Of course, chelated products or calcium acetate could also be added to Limewater. However, there is concern the additional carbon source associated with these products can create unwanted algae growth. Nevertheless, reports have surfaced with the vinegar addition that have perceived additional coral growth, reduction of unwanted forms of algae, and increased skimmer efficiency. In addition, there is said to be some sand clumping, possibly caused by increased bacterium growths, as they were easily broken up. Calcified clumps, caused by calcium precipitation would have been more difficult to break up. Much care is advised if this technique is tried.
Another interesting yet somewhat tricky method to apply Limewater is with what can be called the Gerbil method, which is nothing more than an inverted bottle filled with clear Limewater and securely placed with its opening just touching the systems water level, preferably the sumps water level and an area receiving little or no surface ripples. When evaporation lowers system water level, gravity allows some of the bottles Limewater to enter the water to replace it. A two-liter soda bottle with a small hole in its cap, possibly a short length of rigid airline tubing cemented through its cap would suffice nicely. It should go without saying that much care needs to be taken with bottle support so its contents do not accidentally spill into the aquarium water!
Intravenous (IV) Bag
There are also medical intravenous (IV) bags that have a drip control valve that can be filled with Limewater and hung above the tank to slowly administer the solution. Gravity is simply the driving factor in getting the solution into the tank. Keep in mind they have very small dimension tubing, and need frequent checking, as calcium carbonate will sooner or later clog them. Replace the tubing as needed, or fill the bag with vinegar and allow it to flow through the tubing into a pail, then discard its contents and reuse the bag and tubing without flushing it with freshwater, as some remaining vinegar in the bag and tubing is not harmful.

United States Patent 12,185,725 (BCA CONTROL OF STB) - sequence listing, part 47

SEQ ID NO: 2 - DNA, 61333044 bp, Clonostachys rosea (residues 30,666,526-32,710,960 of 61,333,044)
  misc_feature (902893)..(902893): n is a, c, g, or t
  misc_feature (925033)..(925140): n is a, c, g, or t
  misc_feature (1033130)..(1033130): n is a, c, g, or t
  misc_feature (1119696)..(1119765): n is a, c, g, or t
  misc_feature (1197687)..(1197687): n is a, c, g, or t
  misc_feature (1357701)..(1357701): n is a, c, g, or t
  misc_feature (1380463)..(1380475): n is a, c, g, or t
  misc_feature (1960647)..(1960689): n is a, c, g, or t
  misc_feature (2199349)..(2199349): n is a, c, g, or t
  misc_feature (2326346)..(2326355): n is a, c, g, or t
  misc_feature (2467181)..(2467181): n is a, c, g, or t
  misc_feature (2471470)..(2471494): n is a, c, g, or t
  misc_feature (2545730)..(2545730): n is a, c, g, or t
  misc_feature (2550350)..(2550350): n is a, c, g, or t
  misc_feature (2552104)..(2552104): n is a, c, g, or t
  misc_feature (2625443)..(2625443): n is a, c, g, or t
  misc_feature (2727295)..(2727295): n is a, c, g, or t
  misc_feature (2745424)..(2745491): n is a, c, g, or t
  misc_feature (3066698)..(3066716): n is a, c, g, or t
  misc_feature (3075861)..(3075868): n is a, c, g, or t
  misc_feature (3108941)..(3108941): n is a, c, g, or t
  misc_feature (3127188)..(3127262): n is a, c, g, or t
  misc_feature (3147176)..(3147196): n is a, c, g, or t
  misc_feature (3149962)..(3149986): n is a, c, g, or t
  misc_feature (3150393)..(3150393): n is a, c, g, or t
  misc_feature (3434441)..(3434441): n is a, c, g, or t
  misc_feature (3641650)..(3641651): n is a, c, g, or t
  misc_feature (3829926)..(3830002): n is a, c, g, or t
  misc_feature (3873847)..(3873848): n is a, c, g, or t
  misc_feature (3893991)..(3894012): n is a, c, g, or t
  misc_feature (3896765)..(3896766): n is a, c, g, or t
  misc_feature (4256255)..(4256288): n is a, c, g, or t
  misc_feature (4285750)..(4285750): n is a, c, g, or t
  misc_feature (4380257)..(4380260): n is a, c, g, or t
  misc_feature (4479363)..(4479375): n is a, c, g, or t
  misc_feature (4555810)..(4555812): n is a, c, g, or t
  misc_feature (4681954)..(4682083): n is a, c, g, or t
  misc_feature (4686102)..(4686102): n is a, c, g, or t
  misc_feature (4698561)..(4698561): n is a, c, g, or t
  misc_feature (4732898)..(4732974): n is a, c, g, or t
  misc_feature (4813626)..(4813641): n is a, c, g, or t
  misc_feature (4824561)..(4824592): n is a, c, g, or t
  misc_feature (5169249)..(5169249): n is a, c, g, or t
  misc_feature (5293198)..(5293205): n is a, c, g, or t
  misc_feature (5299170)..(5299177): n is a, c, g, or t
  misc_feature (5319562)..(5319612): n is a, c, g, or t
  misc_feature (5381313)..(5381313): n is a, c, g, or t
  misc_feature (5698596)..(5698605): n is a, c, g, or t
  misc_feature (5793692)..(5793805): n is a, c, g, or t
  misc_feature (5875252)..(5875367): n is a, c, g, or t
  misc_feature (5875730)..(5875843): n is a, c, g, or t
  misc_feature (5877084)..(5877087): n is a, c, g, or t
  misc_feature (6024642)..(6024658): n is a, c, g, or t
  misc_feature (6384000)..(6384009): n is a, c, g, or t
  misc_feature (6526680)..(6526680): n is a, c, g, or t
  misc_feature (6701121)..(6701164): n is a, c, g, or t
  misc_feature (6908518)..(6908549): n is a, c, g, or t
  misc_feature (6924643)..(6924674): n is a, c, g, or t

In closing, even though there are many different aquarium goals, all consume its alkalinity base, i.e., carbonate and bicarbonate ions, because ‘life’ in its enclosure is producing waste compounds that create acids, which in turn need to be acted upon to keep pH from dropping to unacceptable levels. When properly used, Limewater is among the best ways to maintain alkalinity, pH, and calcium levels, as all these parameters are intertwined in seawater’s buffering chemistry.
Balanced Seawater Parameters
2.0 meq/l - 5.6 dKH 400 mg/l
2.5 meq/l - 7.0 dKH 410 mg/l
3.0 meq/l - 8.4 dKH 420 mg/l
3.5 meq/l - 9.8 dKH 430 mg/l
4.0 meq/l - 11.2 dKH 440 mg/l
4.5 meq/l - 12.6 dKH 450 mg/l
(Source – www.andy-hipkiss.co.uk)